“How Democracy Should Work” Lesson in Learning, Building Cohesion and Community

Marjan Horst Ehsassi

Something special happened in a small community just north of San Francisco during the summer of 2022. The city of Petaluma decided to do democracy a bit differently. To figure out what to do about a seemingly-intractable local issue, the city of 60,000 decided policymakers and “experts” shouldn’t be the only ones at the decision-making table—residents of Petaluma also ought to have a voice. They would do this by instituting a Citizens’ Assembly—the first of its kind in California.

Citizens’ Assemblies and sortition are not new ideas; in fact, they’ve helped citizens engage in decision-making since Ancient Greece. Yet only recently did they resurge as a possible antidote to a representative democracy that no longer reflects citizens’ preferences and pervasive citizen disengagement from political institutions. Also referred to as lottery-selected panels or citizens’ panels, this deliberative platform has gained popularity in Western Europe but is only just beginning to make inroads in the United States. The Petaluma City Council’s decision to invite Healthy Democracy (healthydemocracy.org), a leading U.S. organization dedicated to designing and implementing deliberative democracy programs, to convene a citizens’ assembly on the future of a large plot of public land, demonstrates unique political vision and will. This decision contributes to a roadmap for innovative ways to engage with citizens.

This case study examines this novel moment of democratic experimentation in California, which became known as the Petaluma Fairgrounds Advisory Panel (PFAP). It begins with a description of the context, a summary of the PFAP’s design, composition, and process, and a discussion of the role of the government-lead or sponsor, the Petaluma City Council. An analysis of the impact of participation on the Panelist using a methodology developed by the author in several other case studies follows. Finally, the last section provides several recommendations to enhance the impact of such processes as well as thoughts on the future of deliberative platforms.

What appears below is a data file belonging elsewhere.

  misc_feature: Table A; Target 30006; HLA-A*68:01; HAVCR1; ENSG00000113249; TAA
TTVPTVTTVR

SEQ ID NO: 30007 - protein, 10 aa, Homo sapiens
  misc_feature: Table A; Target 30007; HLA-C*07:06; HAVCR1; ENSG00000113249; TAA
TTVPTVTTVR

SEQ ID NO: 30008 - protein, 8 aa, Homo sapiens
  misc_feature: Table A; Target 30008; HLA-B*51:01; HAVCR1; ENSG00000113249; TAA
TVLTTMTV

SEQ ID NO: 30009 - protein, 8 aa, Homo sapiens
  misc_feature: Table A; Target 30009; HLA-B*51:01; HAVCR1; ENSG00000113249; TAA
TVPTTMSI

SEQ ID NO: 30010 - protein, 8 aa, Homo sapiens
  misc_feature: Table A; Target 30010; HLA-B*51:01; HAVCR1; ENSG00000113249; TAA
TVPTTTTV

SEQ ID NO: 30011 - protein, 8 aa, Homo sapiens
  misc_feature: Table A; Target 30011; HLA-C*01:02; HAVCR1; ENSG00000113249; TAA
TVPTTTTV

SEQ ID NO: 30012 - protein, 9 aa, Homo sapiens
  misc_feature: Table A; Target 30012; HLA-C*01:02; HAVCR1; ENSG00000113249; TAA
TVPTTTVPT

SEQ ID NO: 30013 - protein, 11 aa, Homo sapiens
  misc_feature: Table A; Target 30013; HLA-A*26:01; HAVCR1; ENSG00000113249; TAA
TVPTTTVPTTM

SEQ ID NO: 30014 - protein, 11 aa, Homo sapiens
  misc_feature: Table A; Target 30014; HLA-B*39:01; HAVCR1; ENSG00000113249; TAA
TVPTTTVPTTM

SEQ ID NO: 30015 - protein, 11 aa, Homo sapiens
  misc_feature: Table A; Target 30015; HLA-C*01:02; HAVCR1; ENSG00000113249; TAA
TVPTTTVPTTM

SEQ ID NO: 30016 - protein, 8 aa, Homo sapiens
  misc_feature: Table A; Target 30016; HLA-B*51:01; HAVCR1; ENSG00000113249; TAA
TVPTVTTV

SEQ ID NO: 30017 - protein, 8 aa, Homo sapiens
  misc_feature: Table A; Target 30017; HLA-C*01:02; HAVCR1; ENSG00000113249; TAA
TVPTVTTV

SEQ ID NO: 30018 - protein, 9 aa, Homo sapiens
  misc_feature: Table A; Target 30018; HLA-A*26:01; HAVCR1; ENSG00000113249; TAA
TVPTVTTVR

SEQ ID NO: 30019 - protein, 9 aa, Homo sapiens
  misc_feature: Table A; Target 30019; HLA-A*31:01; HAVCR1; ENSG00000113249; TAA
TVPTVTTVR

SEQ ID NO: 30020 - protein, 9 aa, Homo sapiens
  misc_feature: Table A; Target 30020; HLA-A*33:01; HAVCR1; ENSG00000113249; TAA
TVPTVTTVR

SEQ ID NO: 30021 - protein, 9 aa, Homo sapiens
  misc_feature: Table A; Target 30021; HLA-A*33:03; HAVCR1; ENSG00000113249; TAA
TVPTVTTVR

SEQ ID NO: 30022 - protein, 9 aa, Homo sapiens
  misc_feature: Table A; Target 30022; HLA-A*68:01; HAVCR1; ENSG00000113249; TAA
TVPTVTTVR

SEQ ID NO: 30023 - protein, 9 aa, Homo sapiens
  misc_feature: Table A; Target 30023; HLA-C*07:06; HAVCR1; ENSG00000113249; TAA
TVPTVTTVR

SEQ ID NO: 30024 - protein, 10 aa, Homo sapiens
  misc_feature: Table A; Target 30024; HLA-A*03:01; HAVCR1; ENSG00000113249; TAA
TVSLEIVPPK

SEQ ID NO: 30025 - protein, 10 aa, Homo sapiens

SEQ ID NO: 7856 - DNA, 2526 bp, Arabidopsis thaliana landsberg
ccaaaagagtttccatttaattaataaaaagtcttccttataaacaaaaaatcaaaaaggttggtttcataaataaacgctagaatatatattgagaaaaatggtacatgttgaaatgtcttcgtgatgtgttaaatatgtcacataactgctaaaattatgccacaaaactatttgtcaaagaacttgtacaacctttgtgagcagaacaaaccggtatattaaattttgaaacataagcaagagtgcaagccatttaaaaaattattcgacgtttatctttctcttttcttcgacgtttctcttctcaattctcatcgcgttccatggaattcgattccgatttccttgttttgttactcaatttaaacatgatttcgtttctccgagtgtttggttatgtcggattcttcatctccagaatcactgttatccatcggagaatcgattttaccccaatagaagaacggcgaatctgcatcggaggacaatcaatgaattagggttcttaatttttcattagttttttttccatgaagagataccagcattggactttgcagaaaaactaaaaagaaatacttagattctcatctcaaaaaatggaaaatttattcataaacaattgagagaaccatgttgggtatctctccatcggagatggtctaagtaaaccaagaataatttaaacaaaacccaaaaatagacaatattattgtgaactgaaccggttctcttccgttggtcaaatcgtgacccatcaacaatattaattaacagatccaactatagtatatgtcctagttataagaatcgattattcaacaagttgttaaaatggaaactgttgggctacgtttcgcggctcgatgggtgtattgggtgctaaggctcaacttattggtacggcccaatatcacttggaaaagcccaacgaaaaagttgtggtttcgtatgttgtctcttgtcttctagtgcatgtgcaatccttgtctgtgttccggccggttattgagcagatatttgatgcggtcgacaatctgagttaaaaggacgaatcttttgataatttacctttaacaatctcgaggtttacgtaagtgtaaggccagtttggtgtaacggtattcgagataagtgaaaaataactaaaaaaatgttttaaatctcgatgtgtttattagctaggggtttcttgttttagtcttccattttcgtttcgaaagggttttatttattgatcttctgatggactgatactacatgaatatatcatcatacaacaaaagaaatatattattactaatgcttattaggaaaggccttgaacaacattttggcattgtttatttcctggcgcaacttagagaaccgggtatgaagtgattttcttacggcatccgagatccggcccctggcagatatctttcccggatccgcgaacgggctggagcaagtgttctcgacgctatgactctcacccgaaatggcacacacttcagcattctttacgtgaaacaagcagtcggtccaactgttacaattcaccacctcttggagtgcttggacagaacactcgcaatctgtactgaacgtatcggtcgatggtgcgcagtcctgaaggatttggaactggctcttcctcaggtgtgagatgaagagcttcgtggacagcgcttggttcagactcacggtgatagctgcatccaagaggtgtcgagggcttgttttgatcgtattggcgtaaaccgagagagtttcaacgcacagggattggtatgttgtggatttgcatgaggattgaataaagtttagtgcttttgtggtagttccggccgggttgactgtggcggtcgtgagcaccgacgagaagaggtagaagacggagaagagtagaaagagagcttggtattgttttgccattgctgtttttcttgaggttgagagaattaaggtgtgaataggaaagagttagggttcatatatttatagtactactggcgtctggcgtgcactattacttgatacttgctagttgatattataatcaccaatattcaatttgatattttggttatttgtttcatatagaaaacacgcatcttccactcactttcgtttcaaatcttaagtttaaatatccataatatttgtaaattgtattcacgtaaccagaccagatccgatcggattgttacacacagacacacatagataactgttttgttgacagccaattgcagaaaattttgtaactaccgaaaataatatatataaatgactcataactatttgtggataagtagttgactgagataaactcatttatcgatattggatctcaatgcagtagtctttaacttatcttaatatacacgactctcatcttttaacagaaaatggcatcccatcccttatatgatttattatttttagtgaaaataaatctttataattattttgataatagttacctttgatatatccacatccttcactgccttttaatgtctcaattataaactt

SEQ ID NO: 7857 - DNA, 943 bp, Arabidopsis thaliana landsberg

composed by Arswain
machine learning consultation by Anna Tskhovrebov
commissioned by the Berggruen Institute
premiered at the Bradbury Building
downtown Los Angeles
april 22, 2022

Human perception of what sounds “beautiful” is necessarily biased and exclusive. If we are to truly expand our hearing apparatus, and thus our notion of beauty, we must not only shed preconceived sonic associations but also invite creative participation from beings non-human and non-living. We must also begin to cede creative control away from ourselves and toward such beings by encouraging them to exercise their own standards of beauty and collaborate with each other.

Movement I: Alarm Call
‘Alarm Call’ is a long-form composition and sound collage that juxtaposes, combines, and manipulates alarm calls from various human, non-human, and non-living beings. Evolutionary biologists understand the alarm call to be an altruistic behavior between species, who, by warning others of danger, place themselves by instinct in a broader system of belonging. The piece poses the question: how might we hear better to broaden and enhance our sense of belonging in the universe? Might we behave more altruistically if we better heed the calls of – and call out to – non-human beings?

Using granular synthesis, biofeedback, and algorithmic modulation, I fold the human alarm call – the siren – into non-human alarm calls, generating novel “inter-being” sonic collaborations with increasing sophistication and complexity. 

Movement II: A.I.-Truism
A synthesizer piece co-written with an AI in the style of Vangelis’s Blade Runner score, to pay homage to the space of the Bradbury Building.

Movement III: Alarmism
A machine learning model “learns” A.I.Truism and recreates Alarm Call, generating an original fusion of the two.

Movement IV: A.I. Call
A machine learning model “learns” Alarm Call and recreates A.I.Truism, generating an original fusion of the two.

RAVE (IRCAM 2021) https://github.com/acids-ircam/RAVE